But Manca says even if there are emerging standards in the industry, vendors don't necessarily have an incentive to embrace them, forcing customers to just integrate clouds at the API layer, which does not provide the same level of interoperability compared to if there was baked-in compatibility among cloud providers.
Tim Koundais, an IBM cloud evangelist, says that functionality is part of the reason IBM joined OpenStack, but he hasn't seen huge customer demand for it yet. "What we're finding is that customers pick a solution," and go with it, he says. "If they have an Amazon cloud, a Google cloud and they want to connect them in with an IBM cloud, then we'll serve that."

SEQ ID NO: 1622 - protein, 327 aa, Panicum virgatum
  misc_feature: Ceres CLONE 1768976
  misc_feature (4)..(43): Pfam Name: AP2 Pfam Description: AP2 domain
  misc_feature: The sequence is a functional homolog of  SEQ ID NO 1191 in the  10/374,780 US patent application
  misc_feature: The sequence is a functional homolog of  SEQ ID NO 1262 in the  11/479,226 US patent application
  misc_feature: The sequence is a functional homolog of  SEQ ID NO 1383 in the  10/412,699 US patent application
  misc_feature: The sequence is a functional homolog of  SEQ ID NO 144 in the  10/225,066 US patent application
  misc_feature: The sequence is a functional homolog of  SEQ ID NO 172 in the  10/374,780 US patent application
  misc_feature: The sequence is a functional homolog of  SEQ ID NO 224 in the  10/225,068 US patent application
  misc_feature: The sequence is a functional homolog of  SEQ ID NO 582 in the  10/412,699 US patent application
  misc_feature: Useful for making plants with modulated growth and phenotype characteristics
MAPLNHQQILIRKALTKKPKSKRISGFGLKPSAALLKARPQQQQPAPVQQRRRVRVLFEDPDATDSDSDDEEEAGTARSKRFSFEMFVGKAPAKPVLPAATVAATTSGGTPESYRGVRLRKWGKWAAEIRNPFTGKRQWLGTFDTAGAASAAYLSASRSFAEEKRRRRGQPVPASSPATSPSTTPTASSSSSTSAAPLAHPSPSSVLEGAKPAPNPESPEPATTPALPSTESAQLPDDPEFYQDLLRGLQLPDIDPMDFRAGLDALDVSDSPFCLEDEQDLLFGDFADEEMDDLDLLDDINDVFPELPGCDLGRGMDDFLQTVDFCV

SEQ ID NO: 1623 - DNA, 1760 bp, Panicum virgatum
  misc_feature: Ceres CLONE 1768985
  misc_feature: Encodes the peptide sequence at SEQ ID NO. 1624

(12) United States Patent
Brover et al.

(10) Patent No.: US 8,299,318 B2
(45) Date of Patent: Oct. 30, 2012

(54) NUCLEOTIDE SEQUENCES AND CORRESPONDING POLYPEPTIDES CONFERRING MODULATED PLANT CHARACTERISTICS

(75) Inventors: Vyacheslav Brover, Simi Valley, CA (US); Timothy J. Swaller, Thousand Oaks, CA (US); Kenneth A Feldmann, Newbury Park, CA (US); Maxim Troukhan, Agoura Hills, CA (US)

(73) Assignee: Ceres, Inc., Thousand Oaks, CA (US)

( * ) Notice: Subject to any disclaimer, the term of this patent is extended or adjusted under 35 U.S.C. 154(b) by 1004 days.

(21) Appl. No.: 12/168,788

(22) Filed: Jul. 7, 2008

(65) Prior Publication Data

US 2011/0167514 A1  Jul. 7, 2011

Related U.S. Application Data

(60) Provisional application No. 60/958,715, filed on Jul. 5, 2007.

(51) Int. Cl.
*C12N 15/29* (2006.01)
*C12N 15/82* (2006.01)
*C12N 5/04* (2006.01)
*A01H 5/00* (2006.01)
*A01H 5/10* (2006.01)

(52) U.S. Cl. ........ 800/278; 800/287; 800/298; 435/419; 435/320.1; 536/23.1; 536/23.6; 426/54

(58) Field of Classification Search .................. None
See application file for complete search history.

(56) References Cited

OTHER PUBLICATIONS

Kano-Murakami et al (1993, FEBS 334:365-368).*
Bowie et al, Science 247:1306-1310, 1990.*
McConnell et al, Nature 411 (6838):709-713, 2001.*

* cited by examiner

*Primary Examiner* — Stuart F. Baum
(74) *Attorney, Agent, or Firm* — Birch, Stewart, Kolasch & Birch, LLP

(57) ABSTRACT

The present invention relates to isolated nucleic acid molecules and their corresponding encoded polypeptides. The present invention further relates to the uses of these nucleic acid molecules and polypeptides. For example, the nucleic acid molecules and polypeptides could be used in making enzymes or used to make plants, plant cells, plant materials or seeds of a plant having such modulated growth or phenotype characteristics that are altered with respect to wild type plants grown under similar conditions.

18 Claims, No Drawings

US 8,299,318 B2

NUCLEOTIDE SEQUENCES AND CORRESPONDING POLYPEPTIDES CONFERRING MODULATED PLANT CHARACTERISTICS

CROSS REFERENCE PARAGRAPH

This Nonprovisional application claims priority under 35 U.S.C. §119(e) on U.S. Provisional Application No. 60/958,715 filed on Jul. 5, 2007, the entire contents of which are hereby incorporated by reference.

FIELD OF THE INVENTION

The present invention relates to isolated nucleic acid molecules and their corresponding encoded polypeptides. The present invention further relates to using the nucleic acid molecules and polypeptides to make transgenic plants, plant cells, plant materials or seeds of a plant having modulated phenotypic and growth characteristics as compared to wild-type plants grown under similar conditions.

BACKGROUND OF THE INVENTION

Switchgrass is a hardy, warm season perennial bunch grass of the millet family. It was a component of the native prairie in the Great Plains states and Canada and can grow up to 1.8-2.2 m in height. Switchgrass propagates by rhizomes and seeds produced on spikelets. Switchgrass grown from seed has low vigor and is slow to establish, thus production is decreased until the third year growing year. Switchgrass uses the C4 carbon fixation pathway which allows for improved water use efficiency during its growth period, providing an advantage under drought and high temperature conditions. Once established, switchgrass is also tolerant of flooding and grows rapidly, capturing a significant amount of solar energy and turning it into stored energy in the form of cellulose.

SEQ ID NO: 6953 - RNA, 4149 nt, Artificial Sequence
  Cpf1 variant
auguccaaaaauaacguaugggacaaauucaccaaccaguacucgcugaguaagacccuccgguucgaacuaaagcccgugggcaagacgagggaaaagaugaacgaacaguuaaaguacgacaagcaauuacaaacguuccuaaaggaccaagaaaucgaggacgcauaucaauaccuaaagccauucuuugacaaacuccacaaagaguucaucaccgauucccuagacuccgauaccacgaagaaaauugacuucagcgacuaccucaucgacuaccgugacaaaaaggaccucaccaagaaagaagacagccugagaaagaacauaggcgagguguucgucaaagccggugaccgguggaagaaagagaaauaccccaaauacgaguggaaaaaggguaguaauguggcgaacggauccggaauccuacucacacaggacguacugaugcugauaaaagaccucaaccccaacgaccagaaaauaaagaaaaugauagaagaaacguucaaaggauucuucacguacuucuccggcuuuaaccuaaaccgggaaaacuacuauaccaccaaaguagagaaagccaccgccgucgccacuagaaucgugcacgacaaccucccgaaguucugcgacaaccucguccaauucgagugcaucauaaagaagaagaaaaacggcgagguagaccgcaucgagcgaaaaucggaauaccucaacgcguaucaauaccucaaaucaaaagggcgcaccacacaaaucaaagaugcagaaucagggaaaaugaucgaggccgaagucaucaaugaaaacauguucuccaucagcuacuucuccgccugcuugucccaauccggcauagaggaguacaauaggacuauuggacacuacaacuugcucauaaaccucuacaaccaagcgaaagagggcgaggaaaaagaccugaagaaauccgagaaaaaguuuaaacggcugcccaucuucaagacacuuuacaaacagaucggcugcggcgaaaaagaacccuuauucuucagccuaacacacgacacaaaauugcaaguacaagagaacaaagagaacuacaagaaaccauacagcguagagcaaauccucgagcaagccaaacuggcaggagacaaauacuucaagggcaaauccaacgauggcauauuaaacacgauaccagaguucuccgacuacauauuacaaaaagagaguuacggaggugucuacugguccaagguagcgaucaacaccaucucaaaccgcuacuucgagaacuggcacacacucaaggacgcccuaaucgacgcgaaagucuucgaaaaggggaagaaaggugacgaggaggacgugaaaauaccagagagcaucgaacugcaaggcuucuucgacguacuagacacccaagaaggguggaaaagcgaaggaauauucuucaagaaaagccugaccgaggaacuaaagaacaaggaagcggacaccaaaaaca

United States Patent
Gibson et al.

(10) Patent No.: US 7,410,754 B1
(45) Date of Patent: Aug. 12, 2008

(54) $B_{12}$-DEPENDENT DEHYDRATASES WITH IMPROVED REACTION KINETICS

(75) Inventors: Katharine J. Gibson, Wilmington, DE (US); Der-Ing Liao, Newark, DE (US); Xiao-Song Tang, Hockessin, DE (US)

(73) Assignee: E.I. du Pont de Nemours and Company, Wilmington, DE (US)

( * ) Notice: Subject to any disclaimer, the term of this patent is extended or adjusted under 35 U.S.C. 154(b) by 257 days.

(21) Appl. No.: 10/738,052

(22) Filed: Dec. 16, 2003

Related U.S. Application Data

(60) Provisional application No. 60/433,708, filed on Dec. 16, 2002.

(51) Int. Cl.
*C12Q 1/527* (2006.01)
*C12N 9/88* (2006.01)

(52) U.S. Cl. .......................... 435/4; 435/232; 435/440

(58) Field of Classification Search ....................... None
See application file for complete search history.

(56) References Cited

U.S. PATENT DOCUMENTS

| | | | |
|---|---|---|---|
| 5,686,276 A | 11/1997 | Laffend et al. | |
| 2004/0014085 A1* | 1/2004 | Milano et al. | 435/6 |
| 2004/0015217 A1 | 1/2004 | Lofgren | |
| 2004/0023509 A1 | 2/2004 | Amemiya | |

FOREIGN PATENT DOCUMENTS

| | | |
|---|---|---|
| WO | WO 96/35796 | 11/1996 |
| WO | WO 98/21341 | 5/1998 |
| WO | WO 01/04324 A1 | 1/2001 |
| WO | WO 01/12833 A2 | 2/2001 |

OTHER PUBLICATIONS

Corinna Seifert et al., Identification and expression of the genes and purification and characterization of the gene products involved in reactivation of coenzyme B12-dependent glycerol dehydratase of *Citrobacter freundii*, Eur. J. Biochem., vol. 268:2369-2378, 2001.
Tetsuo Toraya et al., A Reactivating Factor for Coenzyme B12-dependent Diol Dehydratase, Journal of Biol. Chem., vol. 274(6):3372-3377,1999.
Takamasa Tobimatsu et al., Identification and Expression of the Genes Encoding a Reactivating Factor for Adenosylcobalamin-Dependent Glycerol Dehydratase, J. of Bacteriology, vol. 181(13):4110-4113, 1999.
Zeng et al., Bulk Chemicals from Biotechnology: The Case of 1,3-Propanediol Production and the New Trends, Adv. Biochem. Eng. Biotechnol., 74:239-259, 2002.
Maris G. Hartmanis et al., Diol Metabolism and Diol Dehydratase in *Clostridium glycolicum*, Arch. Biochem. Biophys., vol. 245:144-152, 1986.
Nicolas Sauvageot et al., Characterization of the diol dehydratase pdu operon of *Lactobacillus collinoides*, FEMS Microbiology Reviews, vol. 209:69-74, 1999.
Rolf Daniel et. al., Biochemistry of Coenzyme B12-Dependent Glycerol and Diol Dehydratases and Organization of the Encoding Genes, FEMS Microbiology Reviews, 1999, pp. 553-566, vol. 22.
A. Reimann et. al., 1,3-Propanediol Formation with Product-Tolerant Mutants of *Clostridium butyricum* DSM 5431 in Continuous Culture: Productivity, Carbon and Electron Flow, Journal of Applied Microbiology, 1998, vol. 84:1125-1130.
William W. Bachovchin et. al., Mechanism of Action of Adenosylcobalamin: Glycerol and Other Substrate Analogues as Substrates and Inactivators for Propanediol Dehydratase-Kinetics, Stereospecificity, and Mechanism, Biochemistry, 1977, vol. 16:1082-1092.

The lack of standards, interoperability and perceptions around performance are some of the issues why organizations have been slow to move large amounts of production workloads to the cloud. Instead, many organizations are using the cloud as a development and test environment to explore cloud opportunities, Koundais says.
The fact is, as Klickstein points out, the cloud just may not be ready for all business verticals, such as healthcare, even as the industry continues to mature.
Network World staff writer Brandon Butler covers cloud computing and social collaboration. He can be reached at BButler@nww.com and found on Twitter at @BButlerNWW.